'Tom's Quiet Moment' by David McCalden

The sunlight filled the room, and as Tom lay there in his bed he felt a sudden peace. All his pain was gone, and the ever present fear was lifted and replaced by hope.

Beside him sat his wife of many years her face no longer grey with the agony and on the other side of the bed; his young daughter, still with a tear, but her face is so full of love and care.

This was now his moment, he knew it. A time just to slip gracefully away into the warmth of eternal peace and test the many theories on what was there that he had collected in his life time. He wondered why he felt no fear, pondering if there was  a hand, a light that was guiding him to his final resting place. Maybe it was the 'Rainbow Warrior' he had discovered late in his life. Or Christ, offering him his chance of believing before meeting his father, the Holy Father. Or maybe it was John Lennon, his boyhood 'working class hero' come to say a farewell and offer peace and love to a soul that always held those words so dear. Tom was unconcerned, whatever the presence, it framed his mind with beautiful thoughts and released him from a world that had tortured his last days, with courts and depositions, lawyers and judges who never actually grasped the argument; more concerned with upholding present law and public opinion than this man's classic rites to control his own destiny.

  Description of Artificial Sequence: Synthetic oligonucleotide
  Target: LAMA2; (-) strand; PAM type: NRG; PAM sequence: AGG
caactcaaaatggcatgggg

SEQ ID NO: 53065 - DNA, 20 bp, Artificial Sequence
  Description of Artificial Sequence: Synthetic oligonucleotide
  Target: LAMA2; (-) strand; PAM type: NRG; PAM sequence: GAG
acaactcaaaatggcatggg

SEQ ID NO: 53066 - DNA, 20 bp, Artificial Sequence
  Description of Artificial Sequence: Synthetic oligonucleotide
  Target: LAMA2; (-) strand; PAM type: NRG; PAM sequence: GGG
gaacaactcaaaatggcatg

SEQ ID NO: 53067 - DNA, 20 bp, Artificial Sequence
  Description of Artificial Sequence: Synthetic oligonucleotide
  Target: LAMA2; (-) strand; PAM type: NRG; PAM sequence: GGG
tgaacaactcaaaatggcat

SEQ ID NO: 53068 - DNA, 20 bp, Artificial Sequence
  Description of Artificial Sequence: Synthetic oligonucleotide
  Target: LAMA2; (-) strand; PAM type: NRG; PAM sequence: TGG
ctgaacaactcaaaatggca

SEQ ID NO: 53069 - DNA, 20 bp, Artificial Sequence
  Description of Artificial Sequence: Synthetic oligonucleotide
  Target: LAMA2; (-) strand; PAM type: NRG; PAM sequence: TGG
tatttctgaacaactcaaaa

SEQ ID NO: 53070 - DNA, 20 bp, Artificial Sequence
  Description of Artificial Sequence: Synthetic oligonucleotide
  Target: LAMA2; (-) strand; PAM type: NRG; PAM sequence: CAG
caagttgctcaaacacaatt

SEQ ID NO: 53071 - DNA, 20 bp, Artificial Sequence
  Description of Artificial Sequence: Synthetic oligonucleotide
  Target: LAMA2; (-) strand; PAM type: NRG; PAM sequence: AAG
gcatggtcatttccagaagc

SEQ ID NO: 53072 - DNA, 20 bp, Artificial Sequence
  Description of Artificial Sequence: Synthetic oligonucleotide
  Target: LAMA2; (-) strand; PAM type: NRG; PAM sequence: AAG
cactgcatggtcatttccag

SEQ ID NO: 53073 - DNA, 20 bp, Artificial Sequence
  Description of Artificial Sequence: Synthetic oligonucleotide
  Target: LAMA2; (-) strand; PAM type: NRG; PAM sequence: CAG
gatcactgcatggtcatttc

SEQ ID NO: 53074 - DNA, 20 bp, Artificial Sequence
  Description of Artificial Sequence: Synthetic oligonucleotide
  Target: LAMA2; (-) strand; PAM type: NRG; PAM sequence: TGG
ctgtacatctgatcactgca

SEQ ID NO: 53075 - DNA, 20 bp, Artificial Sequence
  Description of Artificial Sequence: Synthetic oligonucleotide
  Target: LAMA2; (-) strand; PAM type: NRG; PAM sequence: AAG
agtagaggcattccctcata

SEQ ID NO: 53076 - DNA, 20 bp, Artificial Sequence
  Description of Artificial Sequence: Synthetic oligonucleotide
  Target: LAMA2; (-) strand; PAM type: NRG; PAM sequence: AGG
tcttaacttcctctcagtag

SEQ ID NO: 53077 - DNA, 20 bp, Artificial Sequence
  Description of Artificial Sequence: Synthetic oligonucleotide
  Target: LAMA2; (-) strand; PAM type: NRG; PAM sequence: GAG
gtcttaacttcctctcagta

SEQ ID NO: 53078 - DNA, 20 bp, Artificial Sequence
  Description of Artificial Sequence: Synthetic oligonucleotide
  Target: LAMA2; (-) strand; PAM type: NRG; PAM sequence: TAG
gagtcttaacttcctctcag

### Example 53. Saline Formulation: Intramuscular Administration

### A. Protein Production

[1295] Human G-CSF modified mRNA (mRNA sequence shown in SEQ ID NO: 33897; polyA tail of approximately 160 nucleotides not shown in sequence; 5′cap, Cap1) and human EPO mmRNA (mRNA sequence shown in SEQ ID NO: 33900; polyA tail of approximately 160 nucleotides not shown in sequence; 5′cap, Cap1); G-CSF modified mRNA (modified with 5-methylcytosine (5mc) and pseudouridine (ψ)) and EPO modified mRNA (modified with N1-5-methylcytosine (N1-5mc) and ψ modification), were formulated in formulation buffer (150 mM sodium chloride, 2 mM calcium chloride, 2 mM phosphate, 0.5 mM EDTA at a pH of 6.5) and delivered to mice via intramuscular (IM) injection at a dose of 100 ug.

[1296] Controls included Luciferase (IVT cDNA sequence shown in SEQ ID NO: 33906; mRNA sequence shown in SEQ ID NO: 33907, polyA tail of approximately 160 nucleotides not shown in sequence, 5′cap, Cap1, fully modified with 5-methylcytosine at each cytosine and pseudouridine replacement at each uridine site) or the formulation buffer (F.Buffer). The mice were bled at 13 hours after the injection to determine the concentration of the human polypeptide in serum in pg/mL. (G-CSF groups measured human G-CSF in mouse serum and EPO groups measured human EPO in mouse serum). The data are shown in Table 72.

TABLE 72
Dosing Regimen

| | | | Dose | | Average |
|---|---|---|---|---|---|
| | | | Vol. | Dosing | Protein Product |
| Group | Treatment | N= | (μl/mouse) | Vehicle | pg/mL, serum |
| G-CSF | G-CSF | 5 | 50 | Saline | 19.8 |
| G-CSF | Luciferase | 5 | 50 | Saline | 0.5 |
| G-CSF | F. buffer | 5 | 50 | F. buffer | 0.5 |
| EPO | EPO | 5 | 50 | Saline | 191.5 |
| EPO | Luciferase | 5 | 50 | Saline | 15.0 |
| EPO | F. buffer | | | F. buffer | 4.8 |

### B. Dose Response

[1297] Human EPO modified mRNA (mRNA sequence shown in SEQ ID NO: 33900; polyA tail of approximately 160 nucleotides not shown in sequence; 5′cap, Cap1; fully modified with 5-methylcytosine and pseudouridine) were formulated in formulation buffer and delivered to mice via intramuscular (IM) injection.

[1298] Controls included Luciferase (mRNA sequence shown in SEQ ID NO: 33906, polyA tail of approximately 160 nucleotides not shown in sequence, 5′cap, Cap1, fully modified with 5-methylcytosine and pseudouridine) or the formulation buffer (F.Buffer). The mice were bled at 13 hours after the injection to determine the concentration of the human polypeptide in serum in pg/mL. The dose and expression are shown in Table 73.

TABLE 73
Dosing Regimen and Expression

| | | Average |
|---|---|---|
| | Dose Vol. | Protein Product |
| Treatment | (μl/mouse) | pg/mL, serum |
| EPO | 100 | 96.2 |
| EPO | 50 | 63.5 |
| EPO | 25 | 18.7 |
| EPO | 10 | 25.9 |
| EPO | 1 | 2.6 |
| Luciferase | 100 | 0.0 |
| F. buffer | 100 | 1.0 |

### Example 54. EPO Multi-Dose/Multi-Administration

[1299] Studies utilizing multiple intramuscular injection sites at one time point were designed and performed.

Tom suddenly grasped the reason for the peace. Gone was the rattle and the bleep of aids to his life; no more the bustle of hospital life tearing at his sleep, probing his withered body. They had turned him off, and now his breath was his, more laboured, but his, and there were no more than drips of medication framing the persistent wasting of his body. He was free, and now could die with dignity; small pleasure, great relief as breathing his last; sharing a smile with his wife and daughter.

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